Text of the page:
For a child’s birthday
For a Sunday club anniversary
Helium hallelujahs
Light triumphs
Understanding how people learn
Using the Ultimate series with your
group
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So what’s it all
about?
Many children are taught to recite prayers ‘parrot fashion’ from a very
early age. They might learn a mealtime grace or the Lord’s Prayer, in
exactly the same way that they learn a nursery rhyme, but do they ever
learn who they are talking to and do they understand the meaning of the
words they repeat?
You’ve probably heard young children pray ‘Our Father who art in
heaven, Harold be thy name…’ It’s a common mistake to make since
children will often insert familiar words with a similar sound in place
of words that have no meaning for them. A small 4-year-old was once
heard to pray, with great sincerity, ‘Our Father who’s Martin Evans…’
Well, there were three children called Martin in her class so it was an
understandable mistake! It is vitally important that we take the time to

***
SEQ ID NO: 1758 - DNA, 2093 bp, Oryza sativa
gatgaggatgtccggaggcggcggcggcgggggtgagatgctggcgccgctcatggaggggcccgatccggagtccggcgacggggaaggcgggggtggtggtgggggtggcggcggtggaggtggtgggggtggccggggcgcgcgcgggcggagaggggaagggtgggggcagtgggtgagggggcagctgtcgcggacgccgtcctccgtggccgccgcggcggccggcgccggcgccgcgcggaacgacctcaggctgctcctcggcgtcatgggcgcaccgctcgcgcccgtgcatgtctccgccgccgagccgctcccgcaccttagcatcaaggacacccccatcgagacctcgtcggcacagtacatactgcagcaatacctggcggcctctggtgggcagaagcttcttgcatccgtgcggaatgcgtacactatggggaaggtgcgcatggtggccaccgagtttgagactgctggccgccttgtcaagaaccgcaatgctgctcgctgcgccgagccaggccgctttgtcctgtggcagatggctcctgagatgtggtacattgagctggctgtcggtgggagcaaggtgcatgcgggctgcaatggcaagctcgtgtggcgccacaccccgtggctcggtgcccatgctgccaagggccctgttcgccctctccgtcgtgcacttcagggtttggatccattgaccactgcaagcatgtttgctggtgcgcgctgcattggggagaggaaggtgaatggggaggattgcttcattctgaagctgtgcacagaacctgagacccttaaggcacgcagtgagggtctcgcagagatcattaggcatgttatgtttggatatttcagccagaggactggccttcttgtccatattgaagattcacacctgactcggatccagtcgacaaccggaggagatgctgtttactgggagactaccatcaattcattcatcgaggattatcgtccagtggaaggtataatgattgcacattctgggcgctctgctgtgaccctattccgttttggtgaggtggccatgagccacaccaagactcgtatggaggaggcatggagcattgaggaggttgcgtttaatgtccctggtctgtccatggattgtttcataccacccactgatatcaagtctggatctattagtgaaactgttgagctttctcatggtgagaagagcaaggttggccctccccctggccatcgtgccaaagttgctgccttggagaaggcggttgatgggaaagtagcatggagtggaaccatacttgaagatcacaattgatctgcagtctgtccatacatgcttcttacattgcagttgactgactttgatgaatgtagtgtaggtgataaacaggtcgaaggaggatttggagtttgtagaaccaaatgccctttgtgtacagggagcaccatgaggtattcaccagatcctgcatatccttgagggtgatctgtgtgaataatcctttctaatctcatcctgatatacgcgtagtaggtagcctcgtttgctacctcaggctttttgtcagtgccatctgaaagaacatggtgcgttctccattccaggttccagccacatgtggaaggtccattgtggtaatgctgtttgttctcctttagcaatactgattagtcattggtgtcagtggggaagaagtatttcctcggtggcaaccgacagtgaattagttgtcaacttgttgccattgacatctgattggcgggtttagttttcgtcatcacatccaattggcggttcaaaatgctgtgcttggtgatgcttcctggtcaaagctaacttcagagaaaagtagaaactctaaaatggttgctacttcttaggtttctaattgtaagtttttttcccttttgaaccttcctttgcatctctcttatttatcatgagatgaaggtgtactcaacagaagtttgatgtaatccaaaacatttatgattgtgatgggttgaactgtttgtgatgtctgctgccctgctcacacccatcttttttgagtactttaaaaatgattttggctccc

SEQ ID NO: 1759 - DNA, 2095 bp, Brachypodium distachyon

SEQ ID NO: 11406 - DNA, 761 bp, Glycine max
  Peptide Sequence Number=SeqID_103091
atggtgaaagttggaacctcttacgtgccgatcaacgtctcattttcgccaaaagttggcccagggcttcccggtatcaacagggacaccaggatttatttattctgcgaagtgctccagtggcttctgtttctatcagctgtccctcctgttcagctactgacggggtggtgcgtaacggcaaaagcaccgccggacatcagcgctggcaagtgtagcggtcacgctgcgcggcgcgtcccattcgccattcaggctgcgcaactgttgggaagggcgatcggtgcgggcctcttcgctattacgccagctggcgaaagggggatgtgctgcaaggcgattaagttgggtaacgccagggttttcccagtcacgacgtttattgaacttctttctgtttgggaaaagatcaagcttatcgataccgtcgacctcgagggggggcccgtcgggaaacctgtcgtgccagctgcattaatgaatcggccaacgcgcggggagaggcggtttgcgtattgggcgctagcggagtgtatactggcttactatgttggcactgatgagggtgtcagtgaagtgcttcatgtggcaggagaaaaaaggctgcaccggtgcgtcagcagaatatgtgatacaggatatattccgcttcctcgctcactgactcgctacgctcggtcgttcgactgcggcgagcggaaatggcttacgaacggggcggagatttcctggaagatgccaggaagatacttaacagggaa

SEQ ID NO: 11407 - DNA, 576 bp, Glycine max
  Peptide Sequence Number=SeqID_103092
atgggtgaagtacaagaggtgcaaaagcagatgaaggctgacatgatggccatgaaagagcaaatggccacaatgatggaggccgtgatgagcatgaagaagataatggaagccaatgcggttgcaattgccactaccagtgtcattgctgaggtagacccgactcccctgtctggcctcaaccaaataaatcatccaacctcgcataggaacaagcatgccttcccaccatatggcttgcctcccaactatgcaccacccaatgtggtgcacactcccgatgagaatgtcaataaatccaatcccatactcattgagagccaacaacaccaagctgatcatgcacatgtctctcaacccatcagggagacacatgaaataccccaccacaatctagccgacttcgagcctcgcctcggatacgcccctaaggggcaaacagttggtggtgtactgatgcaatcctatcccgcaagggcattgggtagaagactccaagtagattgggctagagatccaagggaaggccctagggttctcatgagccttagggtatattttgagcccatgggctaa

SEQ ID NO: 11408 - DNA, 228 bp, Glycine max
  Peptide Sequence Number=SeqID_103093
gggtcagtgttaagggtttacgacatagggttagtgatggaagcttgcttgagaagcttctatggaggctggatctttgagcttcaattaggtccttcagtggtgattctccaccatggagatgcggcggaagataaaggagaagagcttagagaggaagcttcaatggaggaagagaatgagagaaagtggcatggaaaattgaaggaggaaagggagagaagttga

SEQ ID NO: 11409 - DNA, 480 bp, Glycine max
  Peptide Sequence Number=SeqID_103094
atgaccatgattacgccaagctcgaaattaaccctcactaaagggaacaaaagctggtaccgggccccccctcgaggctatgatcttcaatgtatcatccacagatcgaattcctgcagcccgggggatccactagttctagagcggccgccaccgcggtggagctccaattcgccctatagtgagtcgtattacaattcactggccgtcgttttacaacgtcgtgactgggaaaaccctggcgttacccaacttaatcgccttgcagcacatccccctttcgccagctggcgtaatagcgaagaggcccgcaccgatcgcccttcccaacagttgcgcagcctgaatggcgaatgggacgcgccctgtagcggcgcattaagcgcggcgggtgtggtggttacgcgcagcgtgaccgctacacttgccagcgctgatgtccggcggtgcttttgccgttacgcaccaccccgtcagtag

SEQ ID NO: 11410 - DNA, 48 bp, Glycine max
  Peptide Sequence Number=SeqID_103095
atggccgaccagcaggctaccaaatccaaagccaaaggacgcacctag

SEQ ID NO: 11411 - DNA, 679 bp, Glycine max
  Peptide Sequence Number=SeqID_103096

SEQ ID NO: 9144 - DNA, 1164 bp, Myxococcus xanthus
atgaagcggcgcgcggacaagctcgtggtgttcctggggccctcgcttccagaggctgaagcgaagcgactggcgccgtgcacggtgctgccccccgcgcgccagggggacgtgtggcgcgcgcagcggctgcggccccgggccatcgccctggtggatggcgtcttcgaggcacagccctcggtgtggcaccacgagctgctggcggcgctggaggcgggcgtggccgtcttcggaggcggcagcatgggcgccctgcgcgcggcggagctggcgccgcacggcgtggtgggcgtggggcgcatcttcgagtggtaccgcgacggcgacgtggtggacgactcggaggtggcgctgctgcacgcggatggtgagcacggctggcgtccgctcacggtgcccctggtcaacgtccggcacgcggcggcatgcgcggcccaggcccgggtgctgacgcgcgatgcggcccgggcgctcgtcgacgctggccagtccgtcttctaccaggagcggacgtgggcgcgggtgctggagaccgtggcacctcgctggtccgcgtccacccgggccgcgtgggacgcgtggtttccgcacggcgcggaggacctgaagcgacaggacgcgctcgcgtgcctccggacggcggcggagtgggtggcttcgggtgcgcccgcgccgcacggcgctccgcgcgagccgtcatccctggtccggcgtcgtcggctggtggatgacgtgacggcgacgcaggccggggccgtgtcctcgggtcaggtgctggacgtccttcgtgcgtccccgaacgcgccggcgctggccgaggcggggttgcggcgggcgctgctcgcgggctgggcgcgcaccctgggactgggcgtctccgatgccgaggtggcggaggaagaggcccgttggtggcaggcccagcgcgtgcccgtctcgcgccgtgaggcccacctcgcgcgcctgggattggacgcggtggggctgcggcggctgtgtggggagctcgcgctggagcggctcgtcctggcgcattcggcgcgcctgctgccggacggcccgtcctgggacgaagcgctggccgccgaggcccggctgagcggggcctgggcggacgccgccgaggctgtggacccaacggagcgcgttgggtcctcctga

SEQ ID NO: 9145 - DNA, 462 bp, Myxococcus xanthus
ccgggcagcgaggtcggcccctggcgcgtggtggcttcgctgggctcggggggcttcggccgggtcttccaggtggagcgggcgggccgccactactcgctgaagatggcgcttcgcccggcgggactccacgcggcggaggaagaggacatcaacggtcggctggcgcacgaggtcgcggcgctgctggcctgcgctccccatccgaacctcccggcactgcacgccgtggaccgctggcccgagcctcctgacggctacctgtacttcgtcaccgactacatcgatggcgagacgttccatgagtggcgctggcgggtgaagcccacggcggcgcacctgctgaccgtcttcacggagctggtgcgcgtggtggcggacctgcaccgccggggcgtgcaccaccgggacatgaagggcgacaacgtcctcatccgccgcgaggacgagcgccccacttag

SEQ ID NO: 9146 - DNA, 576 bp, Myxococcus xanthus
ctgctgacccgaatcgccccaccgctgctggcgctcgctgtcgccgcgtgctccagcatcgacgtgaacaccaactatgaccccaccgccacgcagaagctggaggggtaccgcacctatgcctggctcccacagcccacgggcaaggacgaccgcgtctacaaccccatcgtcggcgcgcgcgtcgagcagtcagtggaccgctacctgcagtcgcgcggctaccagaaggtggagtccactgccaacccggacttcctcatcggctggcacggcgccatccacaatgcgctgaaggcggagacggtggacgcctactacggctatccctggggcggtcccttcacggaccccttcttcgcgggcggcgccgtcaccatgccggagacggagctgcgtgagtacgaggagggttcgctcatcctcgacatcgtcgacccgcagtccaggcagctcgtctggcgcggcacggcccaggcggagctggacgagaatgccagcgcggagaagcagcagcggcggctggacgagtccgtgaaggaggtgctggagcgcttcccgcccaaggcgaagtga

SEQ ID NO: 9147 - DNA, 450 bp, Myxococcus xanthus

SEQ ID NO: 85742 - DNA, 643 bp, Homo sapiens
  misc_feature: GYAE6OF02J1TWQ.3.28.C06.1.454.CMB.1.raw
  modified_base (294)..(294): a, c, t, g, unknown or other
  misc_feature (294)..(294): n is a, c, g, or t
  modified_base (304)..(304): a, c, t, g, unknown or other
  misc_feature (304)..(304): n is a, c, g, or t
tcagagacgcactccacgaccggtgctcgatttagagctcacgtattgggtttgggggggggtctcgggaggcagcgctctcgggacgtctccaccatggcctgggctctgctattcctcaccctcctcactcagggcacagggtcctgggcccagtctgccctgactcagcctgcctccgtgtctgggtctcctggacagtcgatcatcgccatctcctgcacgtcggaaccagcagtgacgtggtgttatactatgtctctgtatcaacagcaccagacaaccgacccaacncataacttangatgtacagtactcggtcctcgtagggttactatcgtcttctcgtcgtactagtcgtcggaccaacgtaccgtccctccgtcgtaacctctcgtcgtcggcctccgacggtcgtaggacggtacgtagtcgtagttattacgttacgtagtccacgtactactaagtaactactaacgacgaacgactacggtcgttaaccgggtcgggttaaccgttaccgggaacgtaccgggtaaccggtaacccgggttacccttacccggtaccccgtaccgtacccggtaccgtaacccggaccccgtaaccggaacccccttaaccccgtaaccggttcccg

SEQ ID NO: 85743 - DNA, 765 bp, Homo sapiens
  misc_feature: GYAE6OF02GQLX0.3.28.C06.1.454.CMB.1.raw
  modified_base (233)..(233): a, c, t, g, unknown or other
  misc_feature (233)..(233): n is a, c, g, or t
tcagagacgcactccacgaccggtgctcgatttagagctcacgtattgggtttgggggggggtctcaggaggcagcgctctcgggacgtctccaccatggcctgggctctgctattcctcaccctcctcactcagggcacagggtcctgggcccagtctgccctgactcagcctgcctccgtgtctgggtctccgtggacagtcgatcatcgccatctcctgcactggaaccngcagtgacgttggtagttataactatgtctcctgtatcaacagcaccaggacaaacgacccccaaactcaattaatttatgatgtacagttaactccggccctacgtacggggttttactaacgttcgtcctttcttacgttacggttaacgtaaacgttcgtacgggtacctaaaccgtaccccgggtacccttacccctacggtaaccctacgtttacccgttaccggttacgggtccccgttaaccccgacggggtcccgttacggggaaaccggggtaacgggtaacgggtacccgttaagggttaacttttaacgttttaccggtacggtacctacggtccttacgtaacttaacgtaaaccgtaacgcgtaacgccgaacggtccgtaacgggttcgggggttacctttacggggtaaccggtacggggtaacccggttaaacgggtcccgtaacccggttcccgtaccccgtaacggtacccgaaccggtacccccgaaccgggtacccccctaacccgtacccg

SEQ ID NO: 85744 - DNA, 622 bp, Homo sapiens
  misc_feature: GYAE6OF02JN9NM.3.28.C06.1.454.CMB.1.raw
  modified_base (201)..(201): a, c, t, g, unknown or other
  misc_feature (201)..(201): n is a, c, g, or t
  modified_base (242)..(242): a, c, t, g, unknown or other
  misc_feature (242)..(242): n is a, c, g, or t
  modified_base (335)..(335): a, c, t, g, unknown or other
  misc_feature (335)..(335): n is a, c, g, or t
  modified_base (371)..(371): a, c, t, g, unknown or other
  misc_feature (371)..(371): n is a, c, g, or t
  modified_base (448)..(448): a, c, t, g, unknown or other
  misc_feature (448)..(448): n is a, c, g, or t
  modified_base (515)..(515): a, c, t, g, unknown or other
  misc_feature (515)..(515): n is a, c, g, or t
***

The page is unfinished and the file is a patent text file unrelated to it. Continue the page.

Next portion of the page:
explain the whole concept of prayer to children young and old, so that
they grow up confident that they can talk to God easily and naturally
about whatever is on their hearts.
Have you ever tried to explain prayer, what it is and how you do it? It’s
no easy task! Take a couple of minutes to think about it now. What words
and expressions would you use?
Many years ago I remember hearing prayer described as ‘like a
telephone conversation with God’. Yet prayer is something far better
than that. God is never out or too busy to answer our call. We don’t need
to worry about running out of credit. We don’t need to fret about high
rates for calling another network and we don’t need to worry about how
we’re going to pay the bill!
Once we have explained what prayer is, children then want to know
why we pray. We need to explain that God wants us to be in constant
touch with him and, just as we chat to our friends, so God wants us
to talk to him. God chooses to work through people’s prayers and in
this way he gives us the opportunity to play a part in the good things
he does. We also pray because the Bible specifically tells us to. See
Ephesians 6:18,19; Philippians 4:6; Colossians 4:2; 1 Thessalonians
5:16–18; 1 Timothy 2:1,2; James 5:13–15.
When I was a child, prayer time at my junior school was always
introduced by the words, ‘Hands together and eyes closed.’ It was all
part of an accepted ritual. We didn’t listen to the words that followed.